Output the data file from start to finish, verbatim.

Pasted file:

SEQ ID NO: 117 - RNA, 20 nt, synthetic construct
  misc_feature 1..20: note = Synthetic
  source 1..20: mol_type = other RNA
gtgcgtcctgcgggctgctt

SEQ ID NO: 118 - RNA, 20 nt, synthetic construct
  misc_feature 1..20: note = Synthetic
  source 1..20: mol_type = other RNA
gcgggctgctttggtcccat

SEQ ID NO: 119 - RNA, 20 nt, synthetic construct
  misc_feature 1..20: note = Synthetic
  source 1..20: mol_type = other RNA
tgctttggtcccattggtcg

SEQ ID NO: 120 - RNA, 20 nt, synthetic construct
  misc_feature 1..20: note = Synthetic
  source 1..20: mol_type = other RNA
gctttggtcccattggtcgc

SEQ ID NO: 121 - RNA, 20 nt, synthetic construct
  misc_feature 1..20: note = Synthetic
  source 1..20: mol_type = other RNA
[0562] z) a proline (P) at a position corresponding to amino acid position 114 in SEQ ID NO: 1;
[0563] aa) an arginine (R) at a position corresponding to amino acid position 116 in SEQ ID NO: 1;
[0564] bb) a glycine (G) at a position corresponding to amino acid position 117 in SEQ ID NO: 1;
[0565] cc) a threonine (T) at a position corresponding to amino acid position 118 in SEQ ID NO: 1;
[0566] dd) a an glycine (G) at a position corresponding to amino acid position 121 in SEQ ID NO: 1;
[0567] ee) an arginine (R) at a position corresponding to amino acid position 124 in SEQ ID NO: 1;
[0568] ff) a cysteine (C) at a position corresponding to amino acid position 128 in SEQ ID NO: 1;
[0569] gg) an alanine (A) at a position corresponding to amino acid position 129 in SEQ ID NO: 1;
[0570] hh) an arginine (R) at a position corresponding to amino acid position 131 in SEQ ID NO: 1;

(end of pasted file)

SEQ ID NO: 117 - RNA, 20 nt, synthetic construct
  misc_feature 1..20: note = Synthetic
  source 1..20: mol_type = other RNA
gtgcgtcctgcgggctgctt

SEQ ID NO: 118 - RNA, 20 nt, synthetic construct
  misc_feature 1..20: note = Synthetic
  source 1..20: mol_type = other RNA
gcgggctgctttggtcccat

SEQ ID NO: 119 - RNA, 20 nt, synthetic construct
  misc_feature 1..20: note = Synthetic
  source 1..20: mol_type = other RNA
tgctttggtcccattggtcg

SEQ ID NO: 120 - RNA, 20 nt, synthetic construct
  misc_feature 1..20: note = Synthetic
  source 1..20: mol_type = other RNA
gctttggtcccattggtcgc

SEQ ID NO: 121 - RNA, 20 nt, synthetic construct
  misc_feature 1..20: note = Synthetic
  source 1..20: mol_type = other RNA
[0562] z) a proline (P) at a position corresponding to amino acid position 114 in SEQ ID NO: 1;
[0563] aa) an arginine (R) at a position corresponding to amino acid position 116 in SEQ ID NO: 1;
[0564] bb) a glycine (G) at a position corresponding to amino acid position 117 in SEQ ID NO: 1;
[0565] cc) a threonine (T) at a position corresponding to amino acid position 118 in SEQ ID NO: 1;
[0566] dd) a an glycine (G) at a position corresponding to amino acid position 121 in SEQ ID NO: 1;
[0567] ee) an arginine (R) at a position corresponding to amino acid position 124 in SEQ ID NO: 1;
[0568] ff) a cysteine (C) at a position corresponding to amino acid position 128 in SEQ ID NO: 1;
[0569] gg) an alanine (A) at a position corresponding to amino acid position 129 in SEQ ID NO: 1;
[0570] hh) an arginine (R) at a position corresponding to amino acid position 131 in SEQ ID NO: 1;